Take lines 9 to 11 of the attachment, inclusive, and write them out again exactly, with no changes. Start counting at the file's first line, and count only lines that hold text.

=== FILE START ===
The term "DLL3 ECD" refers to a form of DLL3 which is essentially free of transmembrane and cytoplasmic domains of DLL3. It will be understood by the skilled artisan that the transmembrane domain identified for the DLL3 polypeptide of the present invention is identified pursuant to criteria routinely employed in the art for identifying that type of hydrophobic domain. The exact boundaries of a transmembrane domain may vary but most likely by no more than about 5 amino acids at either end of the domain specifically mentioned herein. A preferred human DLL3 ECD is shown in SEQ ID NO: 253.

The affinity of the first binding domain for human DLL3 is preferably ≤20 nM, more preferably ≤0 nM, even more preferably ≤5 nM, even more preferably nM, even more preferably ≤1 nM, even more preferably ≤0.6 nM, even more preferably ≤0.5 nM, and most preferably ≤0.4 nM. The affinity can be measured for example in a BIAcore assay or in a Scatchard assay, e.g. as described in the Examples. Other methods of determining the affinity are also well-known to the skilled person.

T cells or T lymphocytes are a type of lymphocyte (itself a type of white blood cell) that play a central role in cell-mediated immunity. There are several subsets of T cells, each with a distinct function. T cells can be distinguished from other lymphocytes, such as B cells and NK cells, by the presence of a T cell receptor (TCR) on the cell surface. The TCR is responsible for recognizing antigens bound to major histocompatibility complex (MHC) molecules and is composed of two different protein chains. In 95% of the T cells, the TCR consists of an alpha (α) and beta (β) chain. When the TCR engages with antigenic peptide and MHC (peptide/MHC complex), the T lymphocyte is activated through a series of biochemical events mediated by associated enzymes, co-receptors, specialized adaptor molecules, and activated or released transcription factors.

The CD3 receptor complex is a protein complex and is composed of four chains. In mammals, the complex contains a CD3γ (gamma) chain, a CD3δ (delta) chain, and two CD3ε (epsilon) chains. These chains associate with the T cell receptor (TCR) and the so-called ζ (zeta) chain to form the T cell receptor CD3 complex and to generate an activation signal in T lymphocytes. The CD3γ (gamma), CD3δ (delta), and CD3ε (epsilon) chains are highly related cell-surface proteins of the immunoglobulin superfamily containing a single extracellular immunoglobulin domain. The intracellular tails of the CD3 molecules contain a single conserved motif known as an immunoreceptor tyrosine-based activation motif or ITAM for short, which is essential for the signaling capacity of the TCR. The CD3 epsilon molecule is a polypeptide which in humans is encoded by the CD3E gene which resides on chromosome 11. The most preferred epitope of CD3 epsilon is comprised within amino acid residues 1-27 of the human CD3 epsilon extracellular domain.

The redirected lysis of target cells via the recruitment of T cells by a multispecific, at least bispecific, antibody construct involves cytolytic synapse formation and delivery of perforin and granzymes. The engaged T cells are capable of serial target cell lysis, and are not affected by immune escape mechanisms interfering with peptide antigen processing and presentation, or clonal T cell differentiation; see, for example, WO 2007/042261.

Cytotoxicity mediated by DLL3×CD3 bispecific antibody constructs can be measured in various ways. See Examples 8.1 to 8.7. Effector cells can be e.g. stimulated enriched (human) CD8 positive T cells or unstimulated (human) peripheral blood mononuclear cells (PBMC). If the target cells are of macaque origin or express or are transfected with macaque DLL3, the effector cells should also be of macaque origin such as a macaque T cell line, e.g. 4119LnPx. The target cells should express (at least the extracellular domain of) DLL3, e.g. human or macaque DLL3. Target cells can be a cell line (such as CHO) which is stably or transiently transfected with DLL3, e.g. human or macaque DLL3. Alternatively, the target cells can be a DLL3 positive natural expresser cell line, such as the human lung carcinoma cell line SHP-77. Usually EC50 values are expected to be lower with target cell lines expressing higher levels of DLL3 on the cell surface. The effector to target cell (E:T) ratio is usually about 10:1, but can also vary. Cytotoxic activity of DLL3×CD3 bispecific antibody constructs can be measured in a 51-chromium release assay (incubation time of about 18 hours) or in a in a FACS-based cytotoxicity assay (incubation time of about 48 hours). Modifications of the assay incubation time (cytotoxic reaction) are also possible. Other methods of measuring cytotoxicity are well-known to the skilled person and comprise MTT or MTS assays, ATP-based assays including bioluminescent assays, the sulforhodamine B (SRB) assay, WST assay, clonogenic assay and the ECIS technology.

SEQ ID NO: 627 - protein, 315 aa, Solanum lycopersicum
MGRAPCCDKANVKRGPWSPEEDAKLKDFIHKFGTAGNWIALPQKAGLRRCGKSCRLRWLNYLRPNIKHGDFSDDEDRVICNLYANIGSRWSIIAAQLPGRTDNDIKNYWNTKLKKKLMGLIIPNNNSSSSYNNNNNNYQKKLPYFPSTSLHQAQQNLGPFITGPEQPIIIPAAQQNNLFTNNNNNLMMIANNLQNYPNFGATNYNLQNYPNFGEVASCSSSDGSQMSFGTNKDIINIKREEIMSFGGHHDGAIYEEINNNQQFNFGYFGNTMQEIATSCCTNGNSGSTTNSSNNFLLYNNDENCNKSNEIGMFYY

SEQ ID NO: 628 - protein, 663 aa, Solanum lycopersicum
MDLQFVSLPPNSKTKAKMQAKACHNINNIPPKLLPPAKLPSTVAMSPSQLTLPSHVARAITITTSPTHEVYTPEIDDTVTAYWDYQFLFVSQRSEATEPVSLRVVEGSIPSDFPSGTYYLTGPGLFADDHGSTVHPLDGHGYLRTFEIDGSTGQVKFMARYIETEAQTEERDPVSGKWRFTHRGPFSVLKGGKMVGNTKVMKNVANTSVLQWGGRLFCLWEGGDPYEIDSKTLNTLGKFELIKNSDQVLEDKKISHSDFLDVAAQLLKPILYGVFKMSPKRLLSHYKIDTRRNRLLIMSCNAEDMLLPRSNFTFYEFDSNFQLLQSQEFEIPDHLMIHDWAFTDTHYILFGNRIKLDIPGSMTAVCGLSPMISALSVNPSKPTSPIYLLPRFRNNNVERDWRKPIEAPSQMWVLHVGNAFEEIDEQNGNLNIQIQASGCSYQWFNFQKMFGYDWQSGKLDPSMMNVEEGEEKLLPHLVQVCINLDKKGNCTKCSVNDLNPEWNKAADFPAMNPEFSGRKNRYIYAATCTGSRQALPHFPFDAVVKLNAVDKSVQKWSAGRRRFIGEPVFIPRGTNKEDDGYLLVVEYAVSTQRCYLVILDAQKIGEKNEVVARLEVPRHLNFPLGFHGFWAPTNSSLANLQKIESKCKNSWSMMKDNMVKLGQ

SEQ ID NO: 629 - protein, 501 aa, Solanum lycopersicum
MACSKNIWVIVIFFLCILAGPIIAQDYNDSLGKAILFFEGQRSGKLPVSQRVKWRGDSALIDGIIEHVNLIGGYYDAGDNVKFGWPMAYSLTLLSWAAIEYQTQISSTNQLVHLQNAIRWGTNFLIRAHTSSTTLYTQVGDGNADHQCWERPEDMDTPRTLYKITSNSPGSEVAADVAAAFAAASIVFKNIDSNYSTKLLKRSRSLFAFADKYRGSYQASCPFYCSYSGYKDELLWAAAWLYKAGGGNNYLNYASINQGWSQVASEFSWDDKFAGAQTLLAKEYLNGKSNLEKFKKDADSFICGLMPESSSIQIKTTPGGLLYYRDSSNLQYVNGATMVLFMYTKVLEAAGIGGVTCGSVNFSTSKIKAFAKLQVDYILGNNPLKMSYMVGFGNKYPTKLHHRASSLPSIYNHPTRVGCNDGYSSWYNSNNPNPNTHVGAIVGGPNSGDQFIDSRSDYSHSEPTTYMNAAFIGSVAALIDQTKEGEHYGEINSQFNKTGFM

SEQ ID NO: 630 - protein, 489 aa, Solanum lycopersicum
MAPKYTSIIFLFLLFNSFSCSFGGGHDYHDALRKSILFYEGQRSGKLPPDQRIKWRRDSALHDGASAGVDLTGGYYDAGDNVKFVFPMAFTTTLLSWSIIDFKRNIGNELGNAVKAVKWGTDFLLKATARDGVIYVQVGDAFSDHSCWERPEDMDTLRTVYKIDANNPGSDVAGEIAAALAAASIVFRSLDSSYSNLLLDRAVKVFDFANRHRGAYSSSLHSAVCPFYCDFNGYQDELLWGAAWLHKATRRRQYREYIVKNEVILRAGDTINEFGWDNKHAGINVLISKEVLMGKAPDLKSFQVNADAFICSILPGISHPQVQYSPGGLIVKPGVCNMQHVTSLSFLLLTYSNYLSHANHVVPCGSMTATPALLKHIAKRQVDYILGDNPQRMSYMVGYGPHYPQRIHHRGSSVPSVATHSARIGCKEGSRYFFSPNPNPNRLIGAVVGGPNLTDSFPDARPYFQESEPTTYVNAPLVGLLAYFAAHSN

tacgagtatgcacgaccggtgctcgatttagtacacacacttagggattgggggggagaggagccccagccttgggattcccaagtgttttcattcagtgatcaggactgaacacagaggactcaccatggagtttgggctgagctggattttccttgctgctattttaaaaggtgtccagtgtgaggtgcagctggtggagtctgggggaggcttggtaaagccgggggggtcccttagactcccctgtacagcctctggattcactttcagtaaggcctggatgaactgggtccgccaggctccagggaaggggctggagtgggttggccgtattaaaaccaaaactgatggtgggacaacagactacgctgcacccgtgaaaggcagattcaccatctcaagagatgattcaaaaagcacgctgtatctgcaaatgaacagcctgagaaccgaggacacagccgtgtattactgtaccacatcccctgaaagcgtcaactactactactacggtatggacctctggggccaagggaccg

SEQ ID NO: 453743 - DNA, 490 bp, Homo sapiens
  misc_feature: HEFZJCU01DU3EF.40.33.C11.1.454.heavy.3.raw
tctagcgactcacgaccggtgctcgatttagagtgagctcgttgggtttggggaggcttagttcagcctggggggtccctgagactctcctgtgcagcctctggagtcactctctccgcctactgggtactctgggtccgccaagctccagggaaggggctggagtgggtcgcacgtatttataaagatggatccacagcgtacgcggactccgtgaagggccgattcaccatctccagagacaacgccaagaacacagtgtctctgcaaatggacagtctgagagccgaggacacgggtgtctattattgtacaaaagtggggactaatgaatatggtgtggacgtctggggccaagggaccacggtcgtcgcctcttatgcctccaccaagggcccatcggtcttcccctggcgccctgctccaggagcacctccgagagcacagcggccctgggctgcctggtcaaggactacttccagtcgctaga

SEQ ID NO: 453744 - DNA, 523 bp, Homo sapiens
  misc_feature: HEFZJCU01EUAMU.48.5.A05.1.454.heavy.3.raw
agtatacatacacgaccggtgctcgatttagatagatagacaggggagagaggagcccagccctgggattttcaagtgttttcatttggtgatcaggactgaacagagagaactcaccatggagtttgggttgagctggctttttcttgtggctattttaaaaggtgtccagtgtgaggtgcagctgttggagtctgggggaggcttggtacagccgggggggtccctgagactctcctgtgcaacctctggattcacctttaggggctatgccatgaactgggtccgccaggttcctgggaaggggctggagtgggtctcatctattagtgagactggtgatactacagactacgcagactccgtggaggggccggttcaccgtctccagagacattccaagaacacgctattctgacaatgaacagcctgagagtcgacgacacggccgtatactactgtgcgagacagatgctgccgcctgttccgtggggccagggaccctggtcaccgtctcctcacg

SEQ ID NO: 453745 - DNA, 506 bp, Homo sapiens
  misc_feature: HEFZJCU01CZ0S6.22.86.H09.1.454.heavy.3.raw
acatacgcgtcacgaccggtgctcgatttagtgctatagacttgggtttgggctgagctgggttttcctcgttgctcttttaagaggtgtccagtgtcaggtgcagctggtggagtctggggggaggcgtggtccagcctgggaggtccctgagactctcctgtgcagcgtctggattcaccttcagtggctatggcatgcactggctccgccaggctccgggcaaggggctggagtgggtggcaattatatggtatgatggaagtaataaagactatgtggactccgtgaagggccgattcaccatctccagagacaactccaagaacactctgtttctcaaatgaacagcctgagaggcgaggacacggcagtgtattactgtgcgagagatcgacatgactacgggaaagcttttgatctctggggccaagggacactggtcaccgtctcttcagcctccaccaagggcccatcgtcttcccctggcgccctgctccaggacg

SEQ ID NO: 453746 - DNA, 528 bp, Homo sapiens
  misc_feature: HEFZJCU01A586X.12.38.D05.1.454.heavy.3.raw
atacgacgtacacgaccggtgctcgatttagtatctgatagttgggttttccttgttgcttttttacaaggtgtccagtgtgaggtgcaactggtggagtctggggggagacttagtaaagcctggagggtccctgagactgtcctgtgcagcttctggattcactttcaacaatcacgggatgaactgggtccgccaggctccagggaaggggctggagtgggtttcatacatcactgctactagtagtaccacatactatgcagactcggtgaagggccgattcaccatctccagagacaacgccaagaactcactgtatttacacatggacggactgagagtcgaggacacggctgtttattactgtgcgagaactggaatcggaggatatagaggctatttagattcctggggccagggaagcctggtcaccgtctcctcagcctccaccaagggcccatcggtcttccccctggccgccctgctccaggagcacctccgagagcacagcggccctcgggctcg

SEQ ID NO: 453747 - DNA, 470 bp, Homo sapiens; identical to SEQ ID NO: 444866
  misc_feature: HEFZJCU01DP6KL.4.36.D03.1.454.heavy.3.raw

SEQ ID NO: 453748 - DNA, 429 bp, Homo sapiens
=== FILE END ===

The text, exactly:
SEQ ID NO: 628 - protein, 663 aa, Solanum lycopersicum
MDLQFVSLPPNSKTKAKMQAKACHNINNIPPKLLPPAKLPSTVAMSPSQLTLPSHVARAITITTSPTHEVYTPEIDDTVTAYWDYQFLFVSQRSEATEPVSLRVVEGSIPSDFPSGTYYLTGPGLFADDHGSTVHPLDGHGYLRTFEIDGSTGQVKFMARYIETEAQTEERDPVSGKWRFTHRGPFSVLKGGKMVGNTKVMKNVANTSVLQWGGRLFCLWEGGDPYEIDSKTLNTLGKFELIKNSDQVLEDKKISHSDFLDVAAQLLKPILYGVFKMSPKRLLSHYKIDTRRNRLLIMSCNAEDMLLPRSNFTFYEFDSNFQLLQSQEFEIPDHLMIHDWAFTDTHYILFGNRIKLDIPGSMTAVCGLSPMISALSVNPSKPTSPIYLLPRFRNNNVERDWRKPIEAPSQMWVLHVGNAFEEIDEQNGNLNIQIQASGCSYQWFNFQKMFGYDWQSGKLDPSMMNVEEGEEKLLPHLVQVCINLDKKGNCTKCSVNDLNPEWNKAADFPAMNPEFSGRKNRYIYAATCTGSRQALPHFPFDAVVKLNAVDKSVQKWSAGRRRFIGEPVFIPRGTNKEDDGYLLVVEYAVSTQRCYLVILDAQKIGEKNEVVARLEVPRHLNFPLGFHGFWAPTNSSLANLQKIESKCKNSWSMMKDNMVKLGQ

SEQ ID NO: 629 - protein, 501 aa, Solanum lycopersicum